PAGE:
When it comes to depicting the great leaders of Turkish history, however, tolerance automatically drops down to nil. Last month’s new TV series, “Muhteşem Yüzyıl” (Magnificent Century), proved just that. The trailers promised a long-running series that would depict the imperial life of Süleyman the Magnificent, the longest-reigning Ottoman sultan, who expanded the empire’s borders to include most of Hungary to the west, most of the Middle East and as far as Algeria in North Africa. His personal legislative changes to education, society and criminal law earned him the title Kanuni, “the lawgiver.”

This being a TV series, it is natural that imperial power games and life in the sultan’s harem are far more interesting – and much less expensive – to focus on than the military conquests of the Ottoman Empire. Sultan Süleyman’s marriage to Hürrem (Roxelana), a harem girl, and the subsequent intrigues are especially ideal TV/movie material.

Seeing that a substantial part of “Muhteşem Yüzyıl” would take place in the palace and the harem, a lynch campaign spearheaded by Deputy Prime Minister Bülent Arınç began against the show before it was even aired. Arınç openly threatened the TV channel, asking it to cancel the series. The country’s media watchdog, the Supreme Board of Radio and Television, or RTÜK, received 70,000 complaints, a record amount that even surpassed the number of calls the board typically receives in an entire year.

The brouhaha seems to have started because of Sultan Süleyman being depicted with a wine goblet in his hand and courting the young women (and perhaps the young men?) in the harem. The show’s renowned scriptwriter, Meral Okay, was quick to answer allegations that it portrayed the sultan lusting after women: “Do you think the sultan’s children were created through pollination?” Wait for further reaction from the audience when Süleyman’s cute young son grows up in subsequent episodes, only to be killed by his own father.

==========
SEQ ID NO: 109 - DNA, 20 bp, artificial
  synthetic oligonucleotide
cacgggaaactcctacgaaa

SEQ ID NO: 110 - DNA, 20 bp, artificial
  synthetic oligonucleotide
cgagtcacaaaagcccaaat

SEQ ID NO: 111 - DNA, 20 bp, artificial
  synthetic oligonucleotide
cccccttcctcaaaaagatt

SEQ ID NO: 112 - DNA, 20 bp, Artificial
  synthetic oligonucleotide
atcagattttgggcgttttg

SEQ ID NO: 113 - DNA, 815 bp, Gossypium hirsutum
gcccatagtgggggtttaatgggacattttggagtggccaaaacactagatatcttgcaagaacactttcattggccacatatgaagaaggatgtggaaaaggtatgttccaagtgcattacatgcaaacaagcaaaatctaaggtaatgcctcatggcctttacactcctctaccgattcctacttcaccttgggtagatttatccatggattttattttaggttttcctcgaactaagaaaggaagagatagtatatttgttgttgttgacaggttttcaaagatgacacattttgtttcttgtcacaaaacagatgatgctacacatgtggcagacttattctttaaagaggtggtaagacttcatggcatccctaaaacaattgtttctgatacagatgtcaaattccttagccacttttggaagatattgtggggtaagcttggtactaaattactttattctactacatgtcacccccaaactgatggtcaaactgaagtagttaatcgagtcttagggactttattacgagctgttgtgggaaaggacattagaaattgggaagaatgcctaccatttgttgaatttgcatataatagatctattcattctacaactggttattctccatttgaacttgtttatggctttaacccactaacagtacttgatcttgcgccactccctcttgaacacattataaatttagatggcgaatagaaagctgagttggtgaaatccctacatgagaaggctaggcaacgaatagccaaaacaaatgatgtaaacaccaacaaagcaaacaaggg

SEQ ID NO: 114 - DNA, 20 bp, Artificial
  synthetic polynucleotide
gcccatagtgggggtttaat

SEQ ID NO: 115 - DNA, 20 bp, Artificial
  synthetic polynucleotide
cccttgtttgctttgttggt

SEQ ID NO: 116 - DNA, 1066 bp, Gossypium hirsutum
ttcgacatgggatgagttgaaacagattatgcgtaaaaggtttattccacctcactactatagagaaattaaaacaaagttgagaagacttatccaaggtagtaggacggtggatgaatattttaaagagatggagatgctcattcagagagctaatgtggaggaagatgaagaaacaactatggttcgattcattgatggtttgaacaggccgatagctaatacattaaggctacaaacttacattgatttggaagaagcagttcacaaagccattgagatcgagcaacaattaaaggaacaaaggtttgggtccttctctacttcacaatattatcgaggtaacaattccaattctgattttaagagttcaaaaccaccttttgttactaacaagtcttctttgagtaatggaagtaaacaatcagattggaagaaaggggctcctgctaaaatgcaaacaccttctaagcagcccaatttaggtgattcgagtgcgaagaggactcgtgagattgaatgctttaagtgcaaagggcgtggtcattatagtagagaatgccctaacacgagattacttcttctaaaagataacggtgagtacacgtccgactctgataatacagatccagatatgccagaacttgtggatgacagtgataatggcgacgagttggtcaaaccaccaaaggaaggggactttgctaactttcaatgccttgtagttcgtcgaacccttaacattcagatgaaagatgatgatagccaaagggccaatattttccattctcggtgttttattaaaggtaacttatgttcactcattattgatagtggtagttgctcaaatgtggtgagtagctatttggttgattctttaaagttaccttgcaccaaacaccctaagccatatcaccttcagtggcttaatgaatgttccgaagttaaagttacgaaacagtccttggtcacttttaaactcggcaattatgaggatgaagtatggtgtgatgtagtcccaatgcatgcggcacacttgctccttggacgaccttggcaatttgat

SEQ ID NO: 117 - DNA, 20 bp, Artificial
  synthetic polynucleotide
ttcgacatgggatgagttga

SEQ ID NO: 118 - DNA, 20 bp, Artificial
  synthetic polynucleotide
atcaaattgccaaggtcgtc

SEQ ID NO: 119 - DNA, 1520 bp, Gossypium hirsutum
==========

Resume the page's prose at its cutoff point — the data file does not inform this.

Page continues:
Would Atatürk’s nose bleed?

You might remember a time, little more than two years ago, when writer, journalist and documentary maker Can Dündar’s “Mustafa,” a biopic of Turkish Republic founder Mustafa Kemal Atatürk, was the only subject in the mass media upon its release. While many were happy to see Atatürk portrayed in a realistic light, perhaps for the first time, others who liked to continue seeing him as a deity were disturbed to see the leader depicted drinking, dancing and even being not very fond of the dark. Of course, the huge controversy at the time worked in the film’s favor, with half a million viewers seeing the biopic in its opening week.

A similar reaction, albeit on a smaller scale, met a recent comic book on Atatürk’s life. “Genç Mustafa” (Young Mustafa), written by Yalın Alpay and drawn by Barış Keşoğlu, tells about the future leader’s early military education. The comic book is narrated by five people, including the editor and the young Mustafa Kemal himself.

In the comic book, young Mustafa Kemal is shown being bloodied by a hit in the face from a general, panels that drew an immediate criminal complaint against the book from Şahin Mengü, a parliamentarian with the main opposition Republican People’s Party, or CHP. The complaint was filed on the grounds that the comic book “openly defamed and insulted Atatürk’s memory.” The long text of the complaint basically boils down to an argument asking whether such a phenomenal leader would ever have been beaten, and how this claim would influence Atatürk’s image among young people.

Chalk up these reactions to intolerance, ignorance or fear, but one thing they definitely are is stupid. Similar to what happened with “Mustafa,” the ratings for “Muhteşem Yüzyıl” skyrocketed following the reaction from the deputy prime minister and the subsequent outrage. Now in its fifth week, the series seems to be steadily increasing its audience. Hopefully, normally dismal comic-book sales will also rise thanks to sensitive citizens who believe they are doing their civic duty.

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Source : Hürriyet Daily News, February 6, 2011